Sensitivity and specificity of cognitive and functional screening instruments for dementia: The Indo-U.S. dementia epidemiology study

Rajesh Pandav, Gerda Fillenbaum, Graham Ratcliff, Hiroko Dodge, Mary Ganguli

Research output: Contribution to journalArticlepeer-review

53 Scopus citations


There is a shortage of adequate screening instruments for dementia in poorly educated populations and non-English-speaking groups. An epidemiological survey was conducted in a population-based, largely illiterate, sample of 5,126 individuals aged 55 and older in 28 villages in the rural community of Ballabgarh in northern India. All participants were administered a general mental status test, the Hindi Mental State Examination (HMSE), and a brief battery of neuropsychological tests. Their informants answered a questionnaire assessing functional ability, the Everyday Abilities Scale for India (EASI). Six hundred thirty-two participants underwent clinical diagnostic evaluation for dementia. We investigated whether the sensitivity, specificity, and predictive value for dementia of the mental status test could be improved by the addition of the brief neuropsychological test battery or the functional questionnaire, comparing the instruments alone and: in combination. In participants who could be tested cognitively, the HMSE, the neuropsychological battery, and EASI had sensitivities of 81.3%, 81.3%, and 62.5%, respectively, with specificities of 60.2%, 74.5%, and 89.7%, respectively. The combination of all three was 93.8% sensitive and 41.8% specific. The sensitivity of the HMSE alone was nonsignificantly improved by the addition of either the EASI or the neuropsychological battery, whereas its specificity was significantly decreased by either addition. An advantage of the EASI was that it could also be administered to informants of subjects who were cognitively untestable. In this largely illiterate community, with a low prevalence of dementia, the combination of cognitive tests and a functional ability questionnaire had substantial value for population screening.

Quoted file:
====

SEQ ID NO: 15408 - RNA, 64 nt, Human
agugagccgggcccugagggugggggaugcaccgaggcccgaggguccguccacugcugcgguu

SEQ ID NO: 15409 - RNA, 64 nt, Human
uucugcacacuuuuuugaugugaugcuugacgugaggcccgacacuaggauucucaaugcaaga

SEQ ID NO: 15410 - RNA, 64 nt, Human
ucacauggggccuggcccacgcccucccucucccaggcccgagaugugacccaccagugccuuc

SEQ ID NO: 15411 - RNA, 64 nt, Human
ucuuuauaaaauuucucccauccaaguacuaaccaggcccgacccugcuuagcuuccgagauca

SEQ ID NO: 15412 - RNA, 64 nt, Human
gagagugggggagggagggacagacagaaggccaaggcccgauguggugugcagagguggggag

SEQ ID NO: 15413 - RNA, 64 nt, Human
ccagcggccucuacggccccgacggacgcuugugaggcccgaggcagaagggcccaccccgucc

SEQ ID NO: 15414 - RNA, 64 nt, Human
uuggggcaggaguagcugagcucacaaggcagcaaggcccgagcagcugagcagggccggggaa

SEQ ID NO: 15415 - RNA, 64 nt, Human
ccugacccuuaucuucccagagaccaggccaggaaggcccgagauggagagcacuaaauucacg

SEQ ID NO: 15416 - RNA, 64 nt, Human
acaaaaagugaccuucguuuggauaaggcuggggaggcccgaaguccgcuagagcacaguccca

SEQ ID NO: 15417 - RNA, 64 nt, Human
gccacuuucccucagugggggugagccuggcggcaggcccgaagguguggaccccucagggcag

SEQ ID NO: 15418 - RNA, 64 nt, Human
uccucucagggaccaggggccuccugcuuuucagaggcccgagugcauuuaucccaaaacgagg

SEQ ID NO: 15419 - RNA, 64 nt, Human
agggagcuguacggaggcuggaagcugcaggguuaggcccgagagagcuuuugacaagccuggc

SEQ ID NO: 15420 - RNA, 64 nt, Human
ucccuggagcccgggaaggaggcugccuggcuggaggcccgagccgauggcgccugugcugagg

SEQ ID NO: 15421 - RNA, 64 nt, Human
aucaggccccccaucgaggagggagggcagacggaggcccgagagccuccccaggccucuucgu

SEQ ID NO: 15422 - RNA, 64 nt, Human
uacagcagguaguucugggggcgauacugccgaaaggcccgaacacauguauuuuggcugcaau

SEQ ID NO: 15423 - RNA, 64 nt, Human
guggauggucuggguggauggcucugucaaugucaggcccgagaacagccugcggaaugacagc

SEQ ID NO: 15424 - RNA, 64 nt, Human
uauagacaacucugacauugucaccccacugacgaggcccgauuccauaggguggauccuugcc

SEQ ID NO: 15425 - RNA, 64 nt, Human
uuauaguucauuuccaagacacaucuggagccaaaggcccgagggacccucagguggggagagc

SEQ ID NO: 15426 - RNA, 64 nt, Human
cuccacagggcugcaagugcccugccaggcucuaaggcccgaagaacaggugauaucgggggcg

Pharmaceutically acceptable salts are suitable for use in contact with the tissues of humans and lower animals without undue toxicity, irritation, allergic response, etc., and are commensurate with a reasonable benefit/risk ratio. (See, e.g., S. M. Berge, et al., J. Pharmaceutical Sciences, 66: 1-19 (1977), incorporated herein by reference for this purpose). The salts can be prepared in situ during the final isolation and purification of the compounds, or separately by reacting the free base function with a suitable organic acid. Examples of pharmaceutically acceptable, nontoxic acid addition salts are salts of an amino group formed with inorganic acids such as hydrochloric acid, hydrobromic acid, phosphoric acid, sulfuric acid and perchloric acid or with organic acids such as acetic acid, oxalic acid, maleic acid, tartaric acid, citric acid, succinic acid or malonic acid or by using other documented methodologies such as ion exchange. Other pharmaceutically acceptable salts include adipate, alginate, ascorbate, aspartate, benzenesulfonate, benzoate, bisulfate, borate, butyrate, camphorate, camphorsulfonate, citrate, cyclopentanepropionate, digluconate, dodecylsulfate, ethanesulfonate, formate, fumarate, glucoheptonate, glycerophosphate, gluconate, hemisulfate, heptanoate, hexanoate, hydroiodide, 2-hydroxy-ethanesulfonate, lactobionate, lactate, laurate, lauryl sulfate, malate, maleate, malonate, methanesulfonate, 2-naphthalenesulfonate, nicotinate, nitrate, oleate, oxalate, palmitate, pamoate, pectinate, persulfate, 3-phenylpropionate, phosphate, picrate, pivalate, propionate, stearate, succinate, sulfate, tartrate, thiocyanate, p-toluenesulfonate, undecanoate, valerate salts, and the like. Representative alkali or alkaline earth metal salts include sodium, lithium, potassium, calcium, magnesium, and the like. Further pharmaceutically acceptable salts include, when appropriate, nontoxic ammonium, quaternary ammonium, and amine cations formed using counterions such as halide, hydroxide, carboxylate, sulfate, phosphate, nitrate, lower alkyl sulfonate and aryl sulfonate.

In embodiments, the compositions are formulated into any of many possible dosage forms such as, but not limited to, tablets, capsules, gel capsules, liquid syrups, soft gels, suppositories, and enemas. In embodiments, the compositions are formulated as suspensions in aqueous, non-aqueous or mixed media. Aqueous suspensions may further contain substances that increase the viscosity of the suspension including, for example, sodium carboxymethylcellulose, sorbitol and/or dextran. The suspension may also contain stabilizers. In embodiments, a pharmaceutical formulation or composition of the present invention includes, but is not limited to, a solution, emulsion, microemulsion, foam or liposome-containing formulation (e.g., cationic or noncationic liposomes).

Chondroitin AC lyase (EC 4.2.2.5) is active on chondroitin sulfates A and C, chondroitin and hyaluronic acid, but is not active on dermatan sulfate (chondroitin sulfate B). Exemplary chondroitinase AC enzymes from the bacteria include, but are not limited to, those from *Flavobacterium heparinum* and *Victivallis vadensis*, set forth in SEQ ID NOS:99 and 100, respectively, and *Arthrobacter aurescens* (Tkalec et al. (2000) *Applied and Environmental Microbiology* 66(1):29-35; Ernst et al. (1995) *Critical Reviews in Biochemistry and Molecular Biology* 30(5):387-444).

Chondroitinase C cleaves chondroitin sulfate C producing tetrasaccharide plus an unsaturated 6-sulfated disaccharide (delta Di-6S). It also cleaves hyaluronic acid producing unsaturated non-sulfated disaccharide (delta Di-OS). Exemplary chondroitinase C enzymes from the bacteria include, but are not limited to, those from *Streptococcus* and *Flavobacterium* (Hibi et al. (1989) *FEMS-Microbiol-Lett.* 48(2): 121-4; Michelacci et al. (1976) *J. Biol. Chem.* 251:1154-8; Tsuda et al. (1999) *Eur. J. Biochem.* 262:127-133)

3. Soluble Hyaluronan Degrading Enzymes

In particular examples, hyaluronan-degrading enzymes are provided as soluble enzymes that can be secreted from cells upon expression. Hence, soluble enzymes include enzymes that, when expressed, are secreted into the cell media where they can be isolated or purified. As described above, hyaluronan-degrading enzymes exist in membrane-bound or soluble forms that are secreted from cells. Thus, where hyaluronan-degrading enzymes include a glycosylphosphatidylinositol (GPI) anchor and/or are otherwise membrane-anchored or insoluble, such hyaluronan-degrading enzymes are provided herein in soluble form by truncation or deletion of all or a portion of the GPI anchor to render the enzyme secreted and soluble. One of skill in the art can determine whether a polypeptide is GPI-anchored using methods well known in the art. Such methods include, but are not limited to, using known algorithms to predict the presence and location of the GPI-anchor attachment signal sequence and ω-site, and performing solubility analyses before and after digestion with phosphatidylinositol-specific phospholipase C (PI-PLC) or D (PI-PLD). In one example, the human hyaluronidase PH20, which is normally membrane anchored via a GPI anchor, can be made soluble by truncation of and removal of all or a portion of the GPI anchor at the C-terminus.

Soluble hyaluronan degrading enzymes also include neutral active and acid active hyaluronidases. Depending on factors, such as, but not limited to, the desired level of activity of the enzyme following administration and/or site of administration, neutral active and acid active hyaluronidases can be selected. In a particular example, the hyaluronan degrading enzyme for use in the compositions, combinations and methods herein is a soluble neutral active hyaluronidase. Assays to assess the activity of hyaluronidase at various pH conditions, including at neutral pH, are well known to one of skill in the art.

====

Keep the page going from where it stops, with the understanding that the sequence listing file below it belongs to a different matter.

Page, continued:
Original languageEnglish (US)
Pages (from-to)554-561
Number of pages8
JournalJournal of the American Geriatrics Society
Issue number3
StatePublished - 2002
Externally publishedYes


  • Aging
  • Community study
  • Epidemiology
  • Mental status
  • Population study
  • Predictive value

ASJC Scopus subject areas

  • Geriatrics and Gerontology


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